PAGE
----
So he set himself by the young man's side, And the state of his soul with questions tried ; But the heart of the stranger was hardened indeed, Nor received the stamp of the one true creed, And the spirit of Ambrose waxed sore to find Such face the porch of so narrow a mind. • As each beholds in cloud and fire The shape that answers his own desire, So each,' said the youth, 'in the Law shall find The figure and features of his mind; And to each in His mercy hath God allowed His several pillar of fire and cloud.' The soul of Ambrose burned with zeal And holy wrath for the young man's weal: • Believest thou then, most wretched youth,' Cried he, a dividual essence in Truth? I fear me thy heart is too cramped with sin To take the Lord in His glory in.' Now there bubbled beside them where they stood, A fountain of waters sweet and good ; The youth to the streamlet's brink drew near Saying, “ Ambrose, thou maker of creeds, look here!' Six vases of crystal then he took, And set them along the edge of the brook. •As into these vessels the water I pour,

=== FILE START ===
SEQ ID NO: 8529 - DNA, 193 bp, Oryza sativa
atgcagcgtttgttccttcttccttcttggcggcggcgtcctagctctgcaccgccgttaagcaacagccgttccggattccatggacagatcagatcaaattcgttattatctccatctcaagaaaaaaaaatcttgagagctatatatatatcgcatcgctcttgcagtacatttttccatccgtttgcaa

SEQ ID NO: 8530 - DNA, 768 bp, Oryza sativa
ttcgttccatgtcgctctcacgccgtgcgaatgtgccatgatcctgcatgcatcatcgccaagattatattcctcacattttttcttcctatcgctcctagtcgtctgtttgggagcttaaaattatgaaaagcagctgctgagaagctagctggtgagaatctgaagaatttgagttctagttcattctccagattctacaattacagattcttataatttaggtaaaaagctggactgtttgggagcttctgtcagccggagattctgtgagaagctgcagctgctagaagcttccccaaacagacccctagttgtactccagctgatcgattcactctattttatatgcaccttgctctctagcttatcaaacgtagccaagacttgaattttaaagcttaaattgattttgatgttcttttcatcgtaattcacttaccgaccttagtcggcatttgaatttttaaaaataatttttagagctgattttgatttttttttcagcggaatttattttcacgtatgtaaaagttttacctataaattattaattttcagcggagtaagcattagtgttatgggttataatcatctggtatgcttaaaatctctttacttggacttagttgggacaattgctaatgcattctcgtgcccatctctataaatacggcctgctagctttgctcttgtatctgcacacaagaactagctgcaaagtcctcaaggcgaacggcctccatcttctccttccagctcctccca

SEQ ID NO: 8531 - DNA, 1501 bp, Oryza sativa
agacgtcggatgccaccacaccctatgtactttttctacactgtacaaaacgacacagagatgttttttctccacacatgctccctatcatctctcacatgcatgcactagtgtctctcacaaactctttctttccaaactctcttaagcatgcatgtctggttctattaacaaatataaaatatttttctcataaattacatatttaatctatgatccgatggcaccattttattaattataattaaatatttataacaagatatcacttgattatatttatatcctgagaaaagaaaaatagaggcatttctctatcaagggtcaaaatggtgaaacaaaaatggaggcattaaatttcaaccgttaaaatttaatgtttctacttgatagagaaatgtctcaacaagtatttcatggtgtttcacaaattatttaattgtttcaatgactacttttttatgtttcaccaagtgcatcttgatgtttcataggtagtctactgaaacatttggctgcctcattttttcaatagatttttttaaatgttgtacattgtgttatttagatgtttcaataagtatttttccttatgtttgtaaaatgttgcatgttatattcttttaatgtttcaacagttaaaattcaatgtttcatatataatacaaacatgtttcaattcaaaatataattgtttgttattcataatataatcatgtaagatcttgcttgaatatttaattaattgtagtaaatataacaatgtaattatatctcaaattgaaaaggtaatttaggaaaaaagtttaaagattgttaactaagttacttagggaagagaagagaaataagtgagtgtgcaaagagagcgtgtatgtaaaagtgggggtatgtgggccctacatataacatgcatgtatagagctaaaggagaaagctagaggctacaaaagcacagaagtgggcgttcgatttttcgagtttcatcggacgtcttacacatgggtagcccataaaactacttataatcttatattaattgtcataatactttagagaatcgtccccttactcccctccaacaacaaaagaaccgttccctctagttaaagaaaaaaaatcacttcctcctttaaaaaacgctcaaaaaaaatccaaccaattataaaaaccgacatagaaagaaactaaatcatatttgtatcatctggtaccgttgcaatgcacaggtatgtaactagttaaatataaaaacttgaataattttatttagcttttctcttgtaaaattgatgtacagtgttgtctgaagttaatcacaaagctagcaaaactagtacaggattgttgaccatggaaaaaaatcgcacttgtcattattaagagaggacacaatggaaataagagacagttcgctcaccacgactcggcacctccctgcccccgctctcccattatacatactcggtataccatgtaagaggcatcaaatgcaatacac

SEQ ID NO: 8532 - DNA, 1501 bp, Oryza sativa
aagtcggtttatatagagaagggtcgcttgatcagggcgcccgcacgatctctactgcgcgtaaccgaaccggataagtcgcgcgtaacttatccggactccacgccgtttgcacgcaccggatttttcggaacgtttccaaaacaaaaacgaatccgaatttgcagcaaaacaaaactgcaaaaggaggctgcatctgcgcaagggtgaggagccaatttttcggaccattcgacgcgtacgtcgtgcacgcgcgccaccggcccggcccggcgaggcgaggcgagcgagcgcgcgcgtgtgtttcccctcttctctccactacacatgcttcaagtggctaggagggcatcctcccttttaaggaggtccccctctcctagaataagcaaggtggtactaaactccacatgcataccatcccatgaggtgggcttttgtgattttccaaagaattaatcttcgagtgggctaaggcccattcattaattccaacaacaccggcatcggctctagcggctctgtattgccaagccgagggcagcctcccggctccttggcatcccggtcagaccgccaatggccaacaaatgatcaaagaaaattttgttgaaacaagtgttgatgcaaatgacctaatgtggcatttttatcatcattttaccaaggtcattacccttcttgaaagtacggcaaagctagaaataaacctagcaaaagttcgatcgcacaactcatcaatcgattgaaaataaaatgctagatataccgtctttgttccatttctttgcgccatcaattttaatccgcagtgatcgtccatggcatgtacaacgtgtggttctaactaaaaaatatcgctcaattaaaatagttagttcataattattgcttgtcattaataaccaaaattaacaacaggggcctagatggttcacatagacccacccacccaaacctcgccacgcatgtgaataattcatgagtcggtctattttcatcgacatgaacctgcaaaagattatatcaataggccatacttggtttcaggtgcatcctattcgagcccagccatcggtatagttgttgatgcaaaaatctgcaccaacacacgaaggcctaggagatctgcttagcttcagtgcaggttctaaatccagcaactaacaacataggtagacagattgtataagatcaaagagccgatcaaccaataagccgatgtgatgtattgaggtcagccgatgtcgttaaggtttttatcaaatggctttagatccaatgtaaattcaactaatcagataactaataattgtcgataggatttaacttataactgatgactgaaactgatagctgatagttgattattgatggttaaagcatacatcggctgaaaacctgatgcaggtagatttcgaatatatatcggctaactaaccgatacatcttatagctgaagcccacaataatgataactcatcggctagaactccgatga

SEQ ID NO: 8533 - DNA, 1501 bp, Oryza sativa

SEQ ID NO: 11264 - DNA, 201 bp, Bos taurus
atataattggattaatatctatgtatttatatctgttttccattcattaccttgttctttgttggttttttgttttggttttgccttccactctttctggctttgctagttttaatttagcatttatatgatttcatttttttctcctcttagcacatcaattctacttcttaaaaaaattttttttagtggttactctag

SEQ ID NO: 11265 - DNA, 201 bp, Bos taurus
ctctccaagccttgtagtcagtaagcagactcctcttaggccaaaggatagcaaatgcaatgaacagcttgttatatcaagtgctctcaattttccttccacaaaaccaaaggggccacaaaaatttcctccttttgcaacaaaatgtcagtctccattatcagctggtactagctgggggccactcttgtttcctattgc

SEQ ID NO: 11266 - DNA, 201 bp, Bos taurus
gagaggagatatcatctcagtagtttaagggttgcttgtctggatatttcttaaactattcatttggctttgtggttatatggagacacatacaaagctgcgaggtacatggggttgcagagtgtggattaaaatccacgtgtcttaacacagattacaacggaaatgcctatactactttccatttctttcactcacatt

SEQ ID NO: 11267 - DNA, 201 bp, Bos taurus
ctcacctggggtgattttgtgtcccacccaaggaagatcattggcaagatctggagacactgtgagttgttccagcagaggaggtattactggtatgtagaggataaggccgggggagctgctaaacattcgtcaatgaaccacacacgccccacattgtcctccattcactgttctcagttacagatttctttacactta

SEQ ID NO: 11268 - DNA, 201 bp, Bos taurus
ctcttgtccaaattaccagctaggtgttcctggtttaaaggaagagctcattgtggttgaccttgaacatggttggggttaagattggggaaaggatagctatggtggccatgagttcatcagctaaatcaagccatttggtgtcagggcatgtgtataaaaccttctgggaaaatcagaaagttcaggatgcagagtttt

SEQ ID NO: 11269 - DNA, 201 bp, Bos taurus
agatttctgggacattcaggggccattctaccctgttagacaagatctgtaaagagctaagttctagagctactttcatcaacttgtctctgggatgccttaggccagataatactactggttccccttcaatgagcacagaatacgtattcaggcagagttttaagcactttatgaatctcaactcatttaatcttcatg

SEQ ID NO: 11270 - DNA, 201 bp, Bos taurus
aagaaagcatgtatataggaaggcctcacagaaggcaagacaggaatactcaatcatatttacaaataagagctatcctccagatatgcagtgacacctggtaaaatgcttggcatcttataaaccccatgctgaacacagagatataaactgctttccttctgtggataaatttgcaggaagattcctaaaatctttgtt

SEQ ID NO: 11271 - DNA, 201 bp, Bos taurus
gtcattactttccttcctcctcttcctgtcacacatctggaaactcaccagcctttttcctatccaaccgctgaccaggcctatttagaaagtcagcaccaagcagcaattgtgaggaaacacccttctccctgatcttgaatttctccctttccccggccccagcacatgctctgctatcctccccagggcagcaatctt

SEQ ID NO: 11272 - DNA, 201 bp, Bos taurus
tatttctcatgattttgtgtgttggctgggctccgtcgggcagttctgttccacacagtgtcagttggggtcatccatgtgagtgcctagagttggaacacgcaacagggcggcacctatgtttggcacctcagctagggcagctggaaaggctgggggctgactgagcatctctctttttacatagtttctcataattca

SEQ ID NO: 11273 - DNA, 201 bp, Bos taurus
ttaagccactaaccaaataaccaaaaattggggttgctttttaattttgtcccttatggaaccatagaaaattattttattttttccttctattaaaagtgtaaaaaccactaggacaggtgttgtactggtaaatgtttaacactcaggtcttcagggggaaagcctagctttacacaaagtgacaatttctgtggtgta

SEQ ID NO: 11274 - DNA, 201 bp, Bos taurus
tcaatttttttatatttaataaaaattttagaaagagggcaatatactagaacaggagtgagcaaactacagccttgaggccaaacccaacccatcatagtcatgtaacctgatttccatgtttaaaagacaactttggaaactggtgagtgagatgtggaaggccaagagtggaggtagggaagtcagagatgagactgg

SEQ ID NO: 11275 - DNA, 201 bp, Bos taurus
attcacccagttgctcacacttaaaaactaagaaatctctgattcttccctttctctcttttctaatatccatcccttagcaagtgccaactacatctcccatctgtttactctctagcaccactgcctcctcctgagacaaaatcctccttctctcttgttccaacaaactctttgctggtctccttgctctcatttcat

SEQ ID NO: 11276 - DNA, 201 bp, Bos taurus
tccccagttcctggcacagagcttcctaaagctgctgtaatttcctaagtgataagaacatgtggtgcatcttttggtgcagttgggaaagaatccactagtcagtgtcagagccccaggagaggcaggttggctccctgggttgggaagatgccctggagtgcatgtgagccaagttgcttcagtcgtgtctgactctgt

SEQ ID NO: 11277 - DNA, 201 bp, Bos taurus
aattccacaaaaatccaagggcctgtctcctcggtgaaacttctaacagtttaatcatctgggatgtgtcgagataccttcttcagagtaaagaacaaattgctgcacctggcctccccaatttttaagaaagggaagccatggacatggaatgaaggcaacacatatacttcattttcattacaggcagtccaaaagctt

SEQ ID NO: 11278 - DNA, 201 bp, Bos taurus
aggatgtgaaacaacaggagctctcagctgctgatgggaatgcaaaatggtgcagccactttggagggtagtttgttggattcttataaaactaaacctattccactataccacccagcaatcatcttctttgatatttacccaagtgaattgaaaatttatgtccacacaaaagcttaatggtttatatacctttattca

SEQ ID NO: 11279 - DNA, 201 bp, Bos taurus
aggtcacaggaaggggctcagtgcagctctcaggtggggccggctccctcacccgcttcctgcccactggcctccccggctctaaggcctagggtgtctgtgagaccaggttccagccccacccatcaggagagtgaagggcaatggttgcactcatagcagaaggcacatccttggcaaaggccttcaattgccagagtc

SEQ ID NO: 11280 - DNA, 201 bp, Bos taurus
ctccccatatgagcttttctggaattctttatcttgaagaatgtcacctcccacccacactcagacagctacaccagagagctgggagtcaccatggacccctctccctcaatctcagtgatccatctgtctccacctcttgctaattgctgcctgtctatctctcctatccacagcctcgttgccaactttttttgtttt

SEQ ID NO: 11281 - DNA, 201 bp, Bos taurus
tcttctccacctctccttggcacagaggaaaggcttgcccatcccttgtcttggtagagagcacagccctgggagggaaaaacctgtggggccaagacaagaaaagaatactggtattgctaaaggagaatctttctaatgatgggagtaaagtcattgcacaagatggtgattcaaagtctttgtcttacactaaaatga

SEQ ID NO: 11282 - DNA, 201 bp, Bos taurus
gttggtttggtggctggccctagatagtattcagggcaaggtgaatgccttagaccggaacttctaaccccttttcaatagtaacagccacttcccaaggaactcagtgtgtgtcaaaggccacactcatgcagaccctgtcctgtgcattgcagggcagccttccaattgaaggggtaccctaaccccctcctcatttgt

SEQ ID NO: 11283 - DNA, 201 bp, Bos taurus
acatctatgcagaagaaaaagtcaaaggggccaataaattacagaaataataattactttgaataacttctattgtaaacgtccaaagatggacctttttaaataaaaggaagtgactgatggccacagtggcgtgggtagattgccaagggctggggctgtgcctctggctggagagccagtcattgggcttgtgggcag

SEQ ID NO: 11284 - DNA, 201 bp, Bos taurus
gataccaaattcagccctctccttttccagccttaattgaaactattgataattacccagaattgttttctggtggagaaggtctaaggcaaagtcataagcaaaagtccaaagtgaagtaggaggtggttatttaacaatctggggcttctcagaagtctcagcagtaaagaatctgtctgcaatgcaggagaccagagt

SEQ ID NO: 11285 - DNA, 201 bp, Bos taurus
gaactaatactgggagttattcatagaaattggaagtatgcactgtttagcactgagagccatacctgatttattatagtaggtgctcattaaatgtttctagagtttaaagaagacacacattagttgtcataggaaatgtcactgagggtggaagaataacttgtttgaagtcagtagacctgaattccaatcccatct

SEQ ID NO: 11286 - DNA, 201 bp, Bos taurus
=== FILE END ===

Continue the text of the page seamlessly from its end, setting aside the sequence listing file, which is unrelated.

Ι There shall one hold less, another more, And the water unchanged, in every case, Shall put on the figure of the vase ; O thou, who wouldst unity make through strife, Canst thou fit this sign to the Water of Life ? When Ambrose looked up, he stood alone, The youth and the stream and the vases were gone; But he knew, by a sense of humbled grace, He had talked with an angel face to face, And felt his heart change inwardly, As he fell on his knees beneath the tree.
ABOVE AND BELOW.
O DWELLERS in the valley-land,
Who in deep twilight grope and cower,
Shortens to noon's triumphal hour, —
While ye sit idle, do ye think
The Lord's great work sits idle too? That light dare not o'erleap the brink
Of morn, because 'tis dark with you ? Though yet your valleys skulk in night,
In God's ripe fields the day is cried, And reapers with their sickles bright,
Troop, singing, down the mountain side: Come up, and feel what health there is
In the frank Dawn's delighted eyes, As, bending with a pitying kiss,
The night-shed tears of Earth she dries ! The Lord wants reapers: 0, mount up,
Before night comes, and says,—Too late!' Stay not for taking scrip or cup,
The Master hungers while ye wait; 'Tis from these heights alone your eyes
The advancing spears of day can see, Which o’er the eastern hill-tops rise,
To break your long captivity.
Lone watcher on the mountain-height !
It is right precious to behold
Flood all the thirsty east with gold ;
Know also when the day is nigh,
With his inspiring prophecy.
God lacks not early service here,